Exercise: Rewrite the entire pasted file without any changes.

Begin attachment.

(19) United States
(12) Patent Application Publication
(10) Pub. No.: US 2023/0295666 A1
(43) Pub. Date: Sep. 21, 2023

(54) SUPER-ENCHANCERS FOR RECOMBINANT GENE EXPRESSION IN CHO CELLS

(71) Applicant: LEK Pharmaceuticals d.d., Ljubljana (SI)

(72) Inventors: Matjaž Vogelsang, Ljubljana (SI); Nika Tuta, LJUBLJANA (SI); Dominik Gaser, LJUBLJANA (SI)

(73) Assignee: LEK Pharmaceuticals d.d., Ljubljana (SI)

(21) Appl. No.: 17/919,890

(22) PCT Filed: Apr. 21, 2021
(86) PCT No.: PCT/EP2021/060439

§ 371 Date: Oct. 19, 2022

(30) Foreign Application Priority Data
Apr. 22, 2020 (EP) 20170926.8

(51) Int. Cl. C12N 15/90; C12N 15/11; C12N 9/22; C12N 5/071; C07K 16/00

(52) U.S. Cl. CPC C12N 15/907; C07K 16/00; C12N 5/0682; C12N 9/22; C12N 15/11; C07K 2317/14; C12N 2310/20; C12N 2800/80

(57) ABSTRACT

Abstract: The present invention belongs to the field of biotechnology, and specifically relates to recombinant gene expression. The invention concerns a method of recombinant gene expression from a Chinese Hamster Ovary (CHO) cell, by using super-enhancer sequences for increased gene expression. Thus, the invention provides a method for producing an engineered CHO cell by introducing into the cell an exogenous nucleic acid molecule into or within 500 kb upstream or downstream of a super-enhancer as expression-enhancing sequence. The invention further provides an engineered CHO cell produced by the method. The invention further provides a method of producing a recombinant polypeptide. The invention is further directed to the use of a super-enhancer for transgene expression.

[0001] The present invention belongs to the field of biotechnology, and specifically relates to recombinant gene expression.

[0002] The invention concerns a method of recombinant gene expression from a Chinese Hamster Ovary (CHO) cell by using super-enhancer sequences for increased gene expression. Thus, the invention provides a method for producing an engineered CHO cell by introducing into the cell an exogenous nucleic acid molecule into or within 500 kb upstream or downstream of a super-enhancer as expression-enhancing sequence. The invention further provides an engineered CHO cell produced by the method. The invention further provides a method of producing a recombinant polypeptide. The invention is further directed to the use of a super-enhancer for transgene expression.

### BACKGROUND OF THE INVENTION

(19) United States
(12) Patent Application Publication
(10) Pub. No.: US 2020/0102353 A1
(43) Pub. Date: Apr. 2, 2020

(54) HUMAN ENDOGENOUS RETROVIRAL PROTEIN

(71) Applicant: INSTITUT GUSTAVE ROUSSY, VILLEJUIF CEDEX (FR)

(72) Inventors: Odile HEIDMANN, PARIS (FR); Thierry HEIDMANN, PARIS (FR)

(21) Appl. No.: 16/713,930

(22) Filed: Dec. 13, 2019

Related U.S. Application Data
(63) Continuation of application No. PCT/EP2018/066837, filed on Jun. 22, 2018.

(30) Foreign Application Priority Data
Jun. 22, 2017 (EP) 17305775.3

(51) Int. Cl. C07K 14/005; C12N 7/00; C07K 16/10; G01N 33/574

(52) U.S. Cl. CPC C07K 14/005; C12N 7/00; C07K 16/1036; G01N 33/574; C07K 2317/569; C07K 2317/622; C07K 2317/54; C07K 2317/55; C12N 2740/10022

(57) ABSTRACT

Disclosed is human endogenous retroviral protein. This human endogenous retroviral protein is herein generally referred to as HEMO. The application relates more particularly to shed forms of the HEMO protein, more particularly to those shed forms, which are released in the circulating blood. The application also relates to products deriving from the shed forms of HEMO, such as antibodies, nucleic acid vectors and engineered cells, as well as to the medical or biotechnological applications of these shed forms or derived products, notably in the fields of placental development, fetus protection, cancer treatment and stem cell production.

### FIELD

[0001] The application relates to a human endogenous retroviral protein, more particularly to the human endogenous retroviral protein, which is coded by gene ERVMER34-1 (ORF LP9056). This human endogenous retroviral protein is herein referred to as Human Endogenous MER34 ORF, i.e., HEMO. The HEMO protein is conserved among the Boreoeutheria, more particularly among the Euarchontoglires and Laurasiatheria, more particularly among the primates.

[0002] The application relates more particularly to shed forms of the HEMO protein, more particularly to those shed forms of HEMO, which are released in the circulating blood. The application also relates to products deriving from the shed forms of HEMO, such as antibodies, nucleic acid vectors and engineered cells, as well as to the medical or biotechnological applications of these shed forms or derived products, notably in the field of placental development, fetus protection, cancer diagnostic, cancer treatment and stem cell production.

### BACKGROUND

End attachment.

(19) United States
(12) Patent Application Publication
(10) Pub. No.: US 2023/0295666 A1
(43) Pub. Date: Sep. 21, 2023

(54) SUPER-ENCHANCERS FOR RECOMBINANT GENE EXPRESSION IN CHO CELLS

(71) Applicant: LEK Pharmaceuticals d.d., Ljubljana (SI)

(72) Inventors: Matjaž Vogelsang, Ljubljana (SI); Nika Tuta, LJUBLJANA (SI); Dominik Gaser, LJUBLJANA (SI)

(73) Assignee: LEK Pharmaceuticals d.d., Ljubljana (SI)

(21) Appl. No.: 17/919,890

(22) PCT Filed: Apr. 21, 2021
(86) PCT No.: PCT/EP2021/060439

§ 371 Date: Oct. 19, 2022

(30) Foreign Application Priority Data
Apr. 22, 2020 (EP) 20170926.8

(51) Int. Cl. C12N 15/90; C12N 15/11; C12N 9/22; C12N 5/071; C07K 16/00

(52) U.S. Cl. CPC C12N 15/907; C07K 16/00; C12N 5/0682; C12N 9/22; C12N 15/11; C07K 2317/14; C12N 2310/20; C12N 2800/80

(57) ABSTRACT

Abstract: The present invention belongs to the field of biotechnology, and specifically relates to recombinant gene expression. The invention concerns a method of recombinant gene expression from a Chinese Hamster Ovary (CHO) cell, by using super-enhancer sequences for increased gene expression. Thus, the invention provides a method for producing an engineered CHO cell by introducing into the cell an exogenous nucleic acid molecule into or within 500 kb upstream or downstream of a super-enhancer as expression-enhancing sequence. The invention further provides an engineered CHO cell produced by the method. The invention further provides a method of producing a recombinant polypeptide. The invention is further directed to the use of a super-enhancer for transgene expression.

[0001] The present invention belongs to the field of biotechnology, and specifically relates to recombinant gene expression.

[0002] The invention concerns a method of recombinant gene expression from a Chinese Hamster Ovary (CHO) cell by using super-enhancer sequences for increased gene expression. Thus, the invention provides a method for producing an engineered CHO cell by introducing into the cell an exogenous nucleic acid molecule into or within 500 kb upstream or downstream of a super-enhancer as expression-enhancing sequence. The invention further provides an engineered CHO cell produced by the method. The invention further provides a method of producing a recombinant polypeptide. The invention is further directed to the use of a super-enhancer for transgene expression.

### BACKGROUND OF THE INVENTION

(19) United States
(12) Patent Application Publication
(10) Pub. No.: US 2020/0102353 A1
(43) Pub. Date: Apr. 2, 2020

(54) HUMAN ENDOGENOUS RETROVIRAL PROTEIN

(71) Applicant: INSTITUT GUSTAVE ROUSSY, VILLEJUIF CEDEX (FR)

(72) Inventors: Odile HEIDMANN, PARIS (FR); Thierry HEIDMANN, PARIS (FR)

(21) Appl. No.: 16/713,930

(22) Filed: Dec. 13, 2019

Related U.S. Application Data
(63) Continuation of application No. PCT/EP2018/066837, filed on Jun. 22, 2018.

(30) Foreign Application Priority Data
Jun. 22, 2017 (EP) 17305775.3

(51) Int. Cl. C07K 14/005; C12N 7/00; C07K 16/10; G01N 33/574

(52) U.S. Cl. CPC C07K 14/005; C12N 7/00; C07K 16/1036; G01N 33/574; C07K 2317/569; C07K 2317/622; C07K 2317/54; C07K 2317/55; C12N 2740/10022

(57) ABSTRACT

Disclosed is human endogenous retroviral protein. This human endogenous retroviral protein is herein generally referred to as HEMO. The application relates more particularly to shed forms of the HEMO protein, more particularly to those shed forms, which are released in the circulating blood. The application also relates to products deriving from the shed forms of HEMO, such as antibodies, nucleic acid vectors and engineered cells, as well as to the medical or biotechnological applications of these shed forms or derived products, notably in the fields of placental development, fetus protection, cancer treatment and stem cell production.

### FIELD

[0001] The application relates to a human endogenous retroviral protein, more particularly to the human endogenous retroviral protein, which is coded by gene ERVMER34-1 (ORF LP9056). This human endogenous retroviral protein is herein referred to as Human Endogenous MER34 ORF, i.e., HEMO. The HEMO protein is conserved among the Boreoeutheria, more particularly among the Euarchontoglires and Laurasiatheria, more particularly among the primates.

[0002] The application relates more particularly to shed forms of the HEMO protein, more particularly to those shed forms of HEMO, which are released in the circulating blood. The application also relates to products deriving from the shed forms of HEMO, such as antibodies, nucleic acid vectors and engineered cells, as well as to the medical or biotechnological applications of these shed forms or derived products, notably in the field of placental development, fetus protection, cancer diagnostic, cancer treatment and stem cell production.

### BACKGROUND